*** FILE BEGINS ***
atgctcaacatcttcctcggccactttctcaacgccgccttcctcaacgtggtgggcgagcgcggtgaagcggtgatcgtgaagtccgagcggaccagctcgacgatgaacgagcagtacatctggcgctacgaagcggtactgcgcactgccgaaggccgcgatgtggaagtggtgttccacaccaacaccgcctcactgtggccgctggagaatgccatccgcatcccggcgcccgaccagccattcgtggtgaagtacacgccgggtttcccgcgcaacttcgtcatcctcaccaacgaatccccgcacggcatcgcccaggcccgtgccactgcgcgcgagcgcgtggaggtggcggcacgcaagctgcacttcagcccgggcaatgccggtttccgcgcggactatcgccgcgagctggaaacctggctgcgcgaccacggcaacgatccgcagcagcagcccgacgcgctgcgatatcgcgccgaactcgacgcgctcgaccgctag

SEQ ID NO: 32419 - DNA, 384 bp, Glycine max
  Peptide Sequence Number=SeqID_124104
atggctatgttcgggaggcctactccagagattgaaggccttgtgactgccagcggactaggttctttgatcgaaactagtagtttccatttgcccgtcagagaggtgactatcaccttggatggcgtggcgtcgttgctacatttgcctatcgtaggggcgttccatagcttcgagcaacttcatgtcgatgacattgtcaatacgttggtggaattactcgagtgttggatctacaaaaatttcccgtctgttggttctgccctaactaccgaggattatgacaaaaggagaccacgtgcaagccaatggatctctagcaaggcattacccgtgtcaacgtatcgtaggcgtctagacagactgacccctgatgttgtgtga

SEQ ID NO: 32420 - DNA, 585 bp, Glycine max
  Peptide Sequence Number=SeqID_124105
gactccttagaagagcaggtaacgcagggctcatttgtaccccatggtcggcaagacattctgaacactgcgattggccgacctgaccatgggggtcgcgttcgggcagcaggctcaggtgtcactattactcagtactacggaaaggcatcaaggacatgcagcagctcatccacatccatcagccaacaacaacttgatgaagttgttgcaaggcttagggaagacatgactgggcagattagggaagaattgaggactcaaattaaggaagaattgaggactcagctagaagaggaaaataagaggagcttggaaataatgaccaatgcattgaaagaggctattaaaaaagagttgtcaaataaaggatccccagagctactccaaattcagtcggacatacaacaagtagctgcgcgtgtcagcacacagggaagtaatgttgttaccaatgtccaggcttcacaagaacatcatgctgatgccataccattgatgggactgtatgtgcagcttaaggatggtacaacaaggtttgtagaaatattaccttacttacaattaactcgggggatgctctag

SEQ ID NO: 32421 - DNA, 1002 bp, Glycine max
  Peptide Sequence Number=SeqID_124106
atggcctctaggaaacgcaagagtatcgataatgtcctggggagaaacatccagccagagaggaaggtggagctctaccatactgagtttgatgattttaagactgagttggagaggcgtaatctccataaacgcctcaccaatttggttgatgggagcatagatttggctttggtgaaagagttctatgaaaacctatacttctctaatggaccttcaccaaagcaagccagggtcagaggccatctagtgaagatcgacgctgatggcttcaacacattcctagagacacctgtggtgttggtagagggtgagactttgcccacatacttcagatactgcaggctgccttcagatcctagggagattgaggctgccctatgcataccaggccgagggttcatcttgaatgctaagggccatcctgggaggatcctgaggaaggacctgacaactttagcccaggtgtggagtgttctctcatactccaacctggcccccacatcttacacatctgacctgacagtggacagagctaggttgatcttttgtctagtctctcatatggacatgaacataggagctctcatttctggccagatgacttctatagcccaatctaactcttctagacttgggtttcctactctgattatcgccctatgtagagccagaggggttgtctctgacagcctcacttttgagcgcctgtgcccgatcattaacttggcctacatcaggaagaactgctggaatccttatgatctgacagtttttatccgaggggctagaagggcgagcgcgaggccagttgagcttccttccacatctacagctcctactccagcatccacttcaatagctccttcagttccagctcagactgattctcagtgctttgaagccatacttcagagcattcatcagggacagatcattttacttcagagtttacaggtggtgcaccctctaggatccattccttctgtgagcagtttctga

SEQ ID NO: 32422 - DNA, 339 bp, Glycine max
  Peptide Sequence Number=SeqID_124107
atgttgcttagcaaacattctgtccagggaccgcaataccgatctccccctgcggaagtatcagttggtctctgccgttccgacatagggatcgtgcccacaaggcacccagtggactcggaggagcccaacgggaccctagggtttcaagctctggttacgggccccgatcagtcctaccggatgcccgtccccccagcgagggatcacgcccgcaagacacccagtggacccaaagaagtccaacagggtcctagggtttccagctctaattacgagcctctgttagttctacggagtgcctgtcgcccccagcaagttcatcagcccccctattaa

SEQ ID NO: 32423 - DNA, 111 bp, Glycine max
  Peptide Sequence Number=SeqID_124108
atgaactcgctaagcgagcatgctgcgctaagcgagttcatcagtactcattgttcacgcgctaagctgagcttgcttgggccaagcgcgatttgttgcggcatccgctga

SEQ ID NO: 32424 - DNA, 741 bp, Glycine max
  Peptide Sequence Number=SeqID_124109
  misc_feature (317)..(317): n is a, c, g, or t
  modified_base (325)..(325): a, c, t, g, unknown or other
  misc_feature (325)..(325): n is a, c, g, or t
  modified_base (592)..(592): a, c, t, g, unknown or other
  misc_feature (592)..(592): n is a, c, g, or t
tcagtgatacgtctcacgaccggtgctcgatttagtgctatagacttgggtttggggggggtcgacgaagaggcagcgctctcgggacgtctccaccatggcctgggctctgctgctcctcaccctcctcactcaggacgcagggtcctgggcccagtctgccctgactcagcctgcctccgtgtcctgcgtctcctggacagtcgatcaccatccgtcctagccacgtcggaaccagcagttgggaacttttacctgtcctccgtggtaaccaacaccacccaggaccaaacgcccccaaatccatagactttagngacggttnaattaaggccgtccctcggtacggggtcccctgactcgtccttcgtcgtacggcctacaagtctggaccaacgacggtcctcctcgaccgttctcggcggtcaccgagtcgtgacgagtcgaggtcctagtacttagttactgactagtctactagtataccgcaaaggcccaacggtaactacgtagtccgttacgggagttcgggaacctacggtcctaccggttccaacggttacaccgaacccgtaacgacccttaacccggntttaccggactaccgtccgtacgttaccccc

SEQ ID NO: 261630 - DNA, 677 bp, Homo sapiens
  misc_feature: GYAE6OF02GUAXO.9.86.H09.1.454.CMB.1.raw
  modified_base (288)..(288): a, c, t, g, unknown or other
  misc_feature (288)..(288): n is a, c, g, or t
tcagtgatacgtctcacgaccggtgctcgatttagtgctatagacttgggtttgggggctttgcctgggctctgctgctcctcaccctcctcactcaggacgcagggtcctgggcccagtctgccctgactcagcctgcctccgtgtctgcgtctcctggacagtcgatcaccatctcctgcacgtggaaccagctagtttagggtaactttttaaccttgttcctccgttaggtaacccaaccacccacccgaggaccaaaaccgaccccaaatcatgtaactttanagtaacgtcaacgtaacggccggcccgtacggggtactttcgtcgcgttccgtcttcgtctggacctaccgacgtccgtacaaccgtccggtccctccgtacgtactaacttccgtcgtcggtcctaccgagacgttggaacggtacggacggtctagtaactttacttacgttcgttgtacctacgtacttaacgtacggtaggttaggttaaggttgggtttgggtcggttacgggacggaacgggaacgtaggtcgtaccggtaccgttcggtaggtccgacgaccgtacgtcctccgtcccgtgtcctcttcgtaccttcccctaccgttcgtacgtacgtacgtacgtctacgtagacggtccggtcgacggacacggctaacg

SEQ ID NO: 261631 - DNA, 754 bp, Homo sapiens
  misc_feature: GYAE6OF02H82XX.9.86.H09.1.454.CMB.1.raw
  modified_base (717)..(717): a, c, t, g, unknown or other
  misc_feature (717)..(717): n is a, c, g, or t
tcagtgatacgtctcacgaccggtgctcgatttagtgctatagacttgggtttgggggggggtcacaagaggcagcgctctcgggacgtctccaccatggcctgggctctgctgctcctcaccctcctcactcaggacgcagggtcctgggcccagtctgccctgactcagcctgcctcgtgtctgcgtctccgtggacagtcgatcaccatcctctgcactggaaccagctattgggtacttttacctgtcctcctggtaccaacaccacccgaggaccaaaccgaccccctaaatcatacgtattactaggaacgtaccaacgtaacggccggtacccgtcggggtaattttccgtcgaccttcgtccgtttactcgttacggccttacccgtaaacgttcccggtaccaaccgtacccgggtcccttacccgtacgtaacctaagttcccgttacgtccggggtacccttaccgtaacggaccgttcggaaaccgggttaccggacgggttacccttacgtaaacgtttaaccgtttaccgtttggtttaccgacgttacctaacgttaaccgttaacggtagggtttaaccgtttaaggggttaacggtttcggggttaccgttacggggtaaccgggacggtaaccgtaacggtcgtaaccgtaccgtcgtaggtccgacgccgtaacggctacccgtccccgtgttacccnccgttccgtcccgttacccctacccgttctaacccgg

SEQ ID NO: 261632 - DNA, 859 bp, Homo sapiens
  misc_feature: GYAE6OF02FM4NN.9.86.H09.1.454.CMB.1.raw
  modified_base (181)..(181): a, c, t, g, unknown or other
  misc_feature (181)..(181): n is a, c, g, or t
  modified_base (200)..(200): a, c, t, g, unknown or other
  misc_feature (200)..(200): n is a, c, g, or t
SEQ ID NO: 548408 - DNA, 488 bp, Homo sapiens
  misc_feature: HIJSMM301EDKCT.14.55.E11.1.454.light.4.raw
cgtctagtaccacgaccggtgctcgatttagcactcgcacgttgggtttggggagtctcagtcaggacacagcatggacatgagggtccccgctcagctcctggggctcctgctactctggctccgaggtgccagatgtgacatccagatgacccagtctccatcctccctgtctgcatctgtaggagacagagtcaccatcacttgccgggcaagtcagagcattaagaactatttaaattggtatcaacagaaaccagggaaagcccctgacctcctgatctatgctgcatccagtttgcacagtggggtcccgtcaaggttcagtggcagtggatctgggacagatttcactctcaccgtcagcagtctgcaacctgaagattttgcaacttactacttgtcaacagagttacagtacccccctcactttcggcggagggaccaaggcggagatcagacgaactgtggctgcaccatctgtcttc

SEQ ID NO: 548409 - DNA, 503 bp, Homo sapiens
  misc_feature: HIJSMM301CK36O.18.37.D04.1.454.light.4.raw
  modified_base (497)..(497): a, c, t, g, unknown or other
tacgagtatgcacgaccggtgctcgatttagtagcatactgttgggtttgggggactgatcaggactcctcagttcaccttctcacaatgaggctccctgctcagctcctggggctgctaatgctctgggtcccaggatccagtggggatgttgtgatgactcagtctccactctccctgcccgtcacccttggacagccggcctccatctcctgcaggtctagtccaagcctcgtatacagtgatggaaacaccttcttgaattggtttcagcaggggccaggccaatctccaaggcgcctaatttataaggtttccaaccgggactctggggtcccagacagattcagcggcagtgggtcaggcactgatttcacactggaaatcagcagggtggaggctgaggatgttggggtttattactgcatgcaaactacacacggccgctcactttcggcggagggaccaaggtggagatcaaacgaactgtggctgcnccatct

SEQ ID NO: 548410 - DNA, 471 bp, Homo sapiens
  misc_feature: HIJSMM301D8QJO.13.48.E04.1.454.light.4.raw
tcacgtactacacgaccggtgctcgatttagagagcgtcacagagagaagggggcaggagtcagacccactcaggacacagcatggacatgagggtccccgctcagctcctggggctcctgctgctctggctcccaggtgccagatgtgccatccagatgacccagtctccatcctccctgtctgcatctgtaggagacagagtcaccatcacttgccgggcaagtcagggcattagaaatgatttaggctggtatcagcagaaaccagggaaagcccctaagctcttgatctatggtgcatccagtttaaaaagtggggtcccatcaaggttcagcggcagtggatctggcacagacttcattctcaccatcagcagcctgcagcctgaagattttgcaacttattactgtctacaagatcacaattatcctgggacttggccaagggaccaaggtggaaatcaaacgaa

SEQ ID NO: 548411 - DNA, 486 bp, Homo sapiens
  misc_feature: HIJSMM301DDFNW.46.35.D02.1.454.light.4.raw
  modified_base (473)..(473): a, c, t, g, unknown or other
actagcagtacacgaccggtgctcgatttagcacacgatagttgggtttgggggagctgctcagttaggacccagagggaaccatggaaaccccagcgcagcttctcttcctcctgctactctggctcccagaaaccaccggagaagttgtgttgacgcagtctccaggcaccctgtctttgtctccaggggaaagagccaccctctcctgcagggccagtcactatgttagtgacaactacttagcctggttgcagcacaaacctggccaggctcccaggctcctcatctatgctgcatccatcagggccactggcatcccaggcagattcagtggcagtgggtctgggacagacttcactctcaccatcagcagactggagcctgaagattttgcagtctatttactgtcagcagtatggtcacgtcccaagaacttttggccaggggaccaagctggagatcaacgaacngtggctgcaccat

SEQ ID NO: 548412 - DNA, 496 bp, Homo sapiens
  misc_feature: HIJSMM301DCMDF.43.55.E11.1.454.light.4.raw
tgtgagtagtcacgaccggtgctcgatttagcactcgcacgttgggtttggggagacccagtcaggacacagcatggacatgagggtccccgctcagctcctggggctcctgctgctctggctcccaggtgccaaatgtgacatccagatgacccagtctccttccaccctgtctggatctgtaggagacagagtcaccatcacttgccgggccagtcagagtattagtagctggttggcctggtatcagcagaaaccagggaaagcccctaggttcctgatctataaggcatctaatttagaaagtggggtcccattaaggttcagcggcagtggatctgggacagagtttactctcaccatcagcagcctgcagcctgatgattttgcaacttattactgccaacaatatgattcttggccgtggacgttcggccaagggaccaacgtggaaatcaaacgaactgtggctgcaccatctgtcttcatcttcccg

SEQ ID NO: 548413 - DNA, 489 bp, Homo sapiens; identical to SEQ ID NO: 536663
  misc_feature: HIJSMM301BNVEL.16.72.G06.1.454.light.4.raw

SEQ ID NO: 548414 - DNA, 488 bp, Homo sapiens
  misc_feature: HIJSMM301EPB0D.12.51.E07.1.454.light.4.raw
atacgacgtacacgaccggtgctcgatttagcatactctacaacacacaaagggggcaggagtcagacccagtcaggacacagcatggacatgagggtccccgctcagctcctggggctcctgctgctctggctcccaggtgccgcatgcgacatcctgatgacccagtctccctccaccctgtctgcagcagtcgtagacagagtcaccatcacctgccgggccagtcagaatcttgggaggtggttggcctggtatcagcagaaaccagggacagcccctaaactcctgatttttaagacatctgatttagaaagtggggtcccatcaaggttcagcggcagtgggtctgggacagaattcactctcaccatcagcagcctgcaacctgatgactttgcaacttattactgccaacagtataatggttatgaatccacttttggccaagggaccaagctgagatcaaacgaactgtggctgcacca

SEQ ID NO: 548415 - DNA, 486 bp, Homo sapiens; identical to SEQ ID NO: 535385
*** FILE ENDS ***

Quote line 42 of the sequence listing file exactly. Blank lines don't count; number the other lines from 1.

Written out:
  misc_feature: HIJSMM301EDKCT.14.55.E11.1.454.light.4.raw